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Real answers to the big questions: with Ana Dillana

The real answers to cycling's big questions.

What is the best length for socks? Are tubeless tyres really the way of the future? And how do we encourage more women to get into cycling?

We go deep with cyclists from all around the globe to get the real answers to some of the sport’s biggest questions right from the very source.

Ports AndorraSPANISH BUSINESS Intelligence Specialist Ana Dillana wakes up every morning at 6am, makes herself a tea, then gets on her bike. Having lived in Barcelona for the last nine years, she knows the best routes well. Converting from triathlon to big mountain cycling, Ana has dedicated a lot to the sport.

The 35-year-old trains hard around a full time job so she can conquer feats like the Titan Desert  (a six-day mountain bike race thought the Sahara Desert) and the Haute Route. Based at the centre of a thriving cycling community in Barcelona, Ana knows what makes bikers tick. So we caught up with her to ask her some big questions.

Shimano or SRAM


“Well, I’m a SRAM ambassador, so that one is clear for me! I have all the latest components from SRAM and I really like it. I came from a normal bike and now I have disc brakes and electronic shift. For me, the security of the disc brakes is really important. I feel more safe with that, especially because I don’t have a lot of skill descending. I am really happy with how it all works. Both of these things is a big change. It’s more comfortable and it’s faster.

I have tried Shimano, so I’ve tried both, but it’s totally different from what I had before. I feel comfortable how it changes differently in SRAM. I also like the batteries. For example, when I went to the Haute Route for five days, I can take an extra battery in case one is not working. You don’t have to connect to the bike, you can just swap the battery and this one point is really nice.”

Sock length. Discuss.

« Long, short, is there only one right answer?  » 

"My friends will love this [laughs]. I am the one with the least style. All of them are really well dressed. And I am just wearing, whatever, I don’t care about the colour, or any of it. Just, whatever. I guess I’m usually wearing the medium length socks, like the Haute Route ones. And I don’t really care about colours, usually black, but honestly I don’t care so much."

Domenica01

Are tubeless tyres better?

“Well, on the mountain bike, I always use tubeless because I think it’s the best. Also for gravel, I use tubeless. But for the road bike, I tried it in the past and I didn’t have such a good experience. I think because the tyre has so much pressure, when you have a puncture, the liquid just goes straight out. It’s a disaster. Then you have to change it and everything is dirty. This is just my experience and maybe there’s other models that could work better. I tried with two and I really haven’t had a good experience on the road bike. Some people like it, but I don’t know. I’m not converted yet.”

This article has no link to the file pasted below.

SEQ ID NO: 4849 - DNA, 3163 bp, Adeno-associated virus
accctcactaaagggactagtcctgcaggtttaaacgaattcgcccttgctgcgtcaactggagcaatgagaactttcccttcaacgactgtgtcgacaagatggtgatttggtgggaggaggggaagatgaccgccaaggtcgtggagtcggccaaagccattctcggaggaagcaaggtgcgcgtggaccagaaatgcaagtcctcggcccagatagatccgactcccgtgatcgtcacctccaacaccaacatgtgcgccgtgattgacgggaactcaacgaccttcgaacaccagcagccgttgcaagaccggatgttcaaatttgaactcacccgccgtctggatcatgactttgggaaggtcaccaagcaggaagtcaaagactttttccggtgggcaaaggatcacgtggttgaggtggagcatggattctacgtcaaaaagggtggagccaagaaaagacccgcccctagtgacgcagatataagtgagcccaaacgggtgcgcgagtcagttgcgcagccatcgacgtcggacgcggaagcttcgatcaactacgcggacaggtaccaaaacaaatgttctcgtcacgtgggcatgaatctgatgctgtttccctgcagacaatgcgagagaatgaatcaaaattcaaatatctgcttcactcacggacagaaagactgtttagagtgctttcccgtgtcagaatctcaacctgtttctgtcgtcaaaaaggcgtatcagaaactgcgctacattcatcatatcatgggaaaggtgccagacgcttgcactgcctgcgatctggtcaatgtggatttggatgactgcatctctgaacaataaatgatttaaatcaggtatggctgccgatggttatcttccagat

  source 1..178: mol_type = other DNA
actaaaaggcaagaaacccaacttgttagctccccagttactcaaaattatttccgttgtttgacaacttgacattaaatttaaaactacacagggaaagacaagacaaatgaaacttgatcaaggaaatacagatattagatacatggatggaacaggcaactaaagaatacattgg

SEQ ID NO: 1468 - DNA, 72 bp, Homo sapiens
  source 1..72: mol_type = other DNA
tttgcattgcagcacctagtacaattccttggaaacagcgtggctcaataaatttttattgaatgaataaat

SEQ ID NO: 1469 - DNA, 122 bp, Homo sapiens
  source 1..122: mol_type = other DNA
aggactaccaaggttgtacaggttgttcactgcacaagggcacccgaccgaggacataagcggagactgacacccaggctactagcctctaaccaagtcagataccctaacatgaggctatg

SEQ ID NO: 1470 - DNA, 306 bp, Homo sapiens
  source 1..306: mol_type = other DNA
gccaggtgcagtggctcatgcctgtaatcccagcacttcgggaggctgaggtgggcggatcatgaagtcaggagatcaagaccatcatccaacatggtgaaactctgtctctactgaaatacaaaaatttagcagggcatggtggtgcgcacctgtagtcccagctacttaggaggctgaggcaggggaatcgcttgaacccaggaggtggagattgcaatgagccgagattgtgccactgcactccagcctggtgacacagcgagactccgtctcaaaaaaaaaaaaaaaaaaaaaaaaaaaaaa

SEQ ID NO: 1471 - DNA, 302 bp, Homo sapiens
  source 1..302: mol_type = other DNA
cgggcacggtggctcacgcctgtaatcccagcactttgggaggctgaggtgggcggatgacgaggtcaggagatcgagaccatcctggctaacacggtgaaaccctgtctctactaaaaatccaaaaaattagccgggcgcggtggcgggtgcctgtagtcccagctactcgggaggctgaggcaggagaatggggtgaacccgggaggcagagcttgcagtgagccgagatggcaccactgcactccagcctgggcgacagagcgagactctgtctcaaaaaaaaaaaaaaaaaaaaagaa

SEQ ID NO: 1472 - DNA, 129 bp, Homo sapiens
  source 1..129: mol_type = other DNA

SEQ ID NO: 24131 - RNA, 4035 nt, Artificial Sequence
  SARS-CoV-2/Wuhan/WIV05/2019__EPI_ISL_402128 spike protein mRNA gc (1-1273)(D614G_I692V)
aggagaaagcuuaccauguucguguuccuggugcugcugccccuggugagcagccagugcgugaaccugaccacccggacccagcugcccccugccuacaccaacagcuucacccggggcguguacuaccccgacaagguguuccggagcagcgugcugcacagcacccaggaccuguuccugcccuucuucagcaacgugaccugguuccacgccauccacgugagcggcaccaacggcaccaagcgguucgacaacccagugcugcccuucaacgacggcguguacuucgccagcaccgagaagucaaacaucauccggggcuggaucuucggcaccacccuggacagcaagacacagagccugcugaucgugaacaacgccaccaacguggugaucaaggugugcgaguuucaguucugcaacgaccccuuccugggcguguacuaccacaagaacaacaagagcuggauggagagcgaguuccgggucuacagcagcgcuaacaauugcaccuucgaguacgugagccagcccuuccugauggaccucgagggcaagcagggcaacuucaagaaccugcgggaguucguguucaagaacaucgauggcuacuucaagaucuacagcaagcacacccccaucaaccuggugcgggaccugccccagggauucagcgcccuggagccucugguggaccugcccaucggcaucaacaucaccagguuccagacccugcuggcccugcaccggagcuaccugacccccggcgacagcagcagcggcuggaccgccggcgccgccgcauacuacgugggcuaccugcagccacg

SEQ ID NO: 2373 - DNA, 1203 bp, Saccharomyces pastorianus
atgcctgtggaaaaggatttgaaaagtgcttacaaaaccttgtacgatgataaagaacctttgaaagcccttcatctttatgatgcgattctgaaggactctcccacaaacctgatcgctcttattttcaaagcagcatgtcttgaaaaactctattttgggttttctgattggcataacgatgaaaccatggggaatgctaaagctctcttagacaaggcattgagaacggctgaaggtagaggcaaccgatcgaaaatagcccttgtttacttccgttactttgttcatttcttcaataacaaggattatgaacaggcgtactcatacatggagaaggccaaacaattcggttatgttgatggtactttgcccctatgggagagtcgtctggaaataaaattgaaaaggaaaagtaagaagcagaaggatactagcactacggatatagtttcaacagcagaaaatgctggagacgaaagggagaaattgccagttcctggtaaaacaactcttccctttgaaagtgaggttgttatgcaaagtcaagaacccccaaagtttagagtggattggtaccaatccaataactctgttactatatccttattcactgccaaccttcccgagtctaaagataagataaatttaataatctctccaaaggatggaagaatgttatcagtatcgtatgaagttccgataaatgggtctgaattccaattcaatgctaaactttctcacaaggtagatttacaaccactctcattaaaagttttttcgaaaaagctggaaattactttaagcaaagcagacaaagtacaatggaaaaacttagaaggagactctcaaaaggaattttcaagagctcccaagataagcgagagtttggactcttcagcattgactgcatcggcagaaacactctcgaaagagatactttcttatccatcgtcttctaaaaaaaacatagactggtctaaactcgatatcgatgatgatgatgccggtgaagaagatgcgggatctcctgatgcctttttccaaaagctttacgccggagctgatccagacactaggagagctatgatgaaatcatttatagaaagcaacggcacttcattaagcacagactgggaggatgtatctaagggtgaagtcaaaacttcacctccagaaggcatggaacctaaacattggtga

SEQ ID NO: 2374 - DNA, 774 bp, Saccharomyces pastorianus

Rolling hills or monster climbs?

“I really prefer the monster climbs. I don’t know why [laughs]. I just really like difficult hills. I don’t care if it’s longer or shorter. I like when suddenly it is 20 percent. Here we have lots of places to ride, so if I have to choose a route, I always choose a hilly one. The flats are boring. I just prefer going up more than going really, really fast on the flats. I have felt like that from the beginning. It is the same when I run. I don’t know why, my mind is quite strange [laughs]. I am not really thin, so its not like my body is made for this but I just like the feeling.”

Domenica02

How can we support more women in cycling?

"Every time I ride my bike I don’t think, ‘I’m a woman’. I just feel I’m a cyclist. To be honest, I think if I can do a Fondo, an Haute Route or other event, everyone can. Physically I’m a normal woman working eight hours a day, but when you do something just for love and passion, the result is a consequence of all of that together. I’d encourage women to not feel embarrassed or ashamed to ride with other cyclists, and to never feel like you are slowing them down. Everyone starts somewhere. If you’re lucky enough, you’ll find an awesome group to push you in training and racing. Try to find someone who inspires you and connect.”

Have you got some real answers to cycling’s big questions? Get in touch to tell us your story. Send us a message on Instagram or Facebook and tell us how you want to start the discussion.

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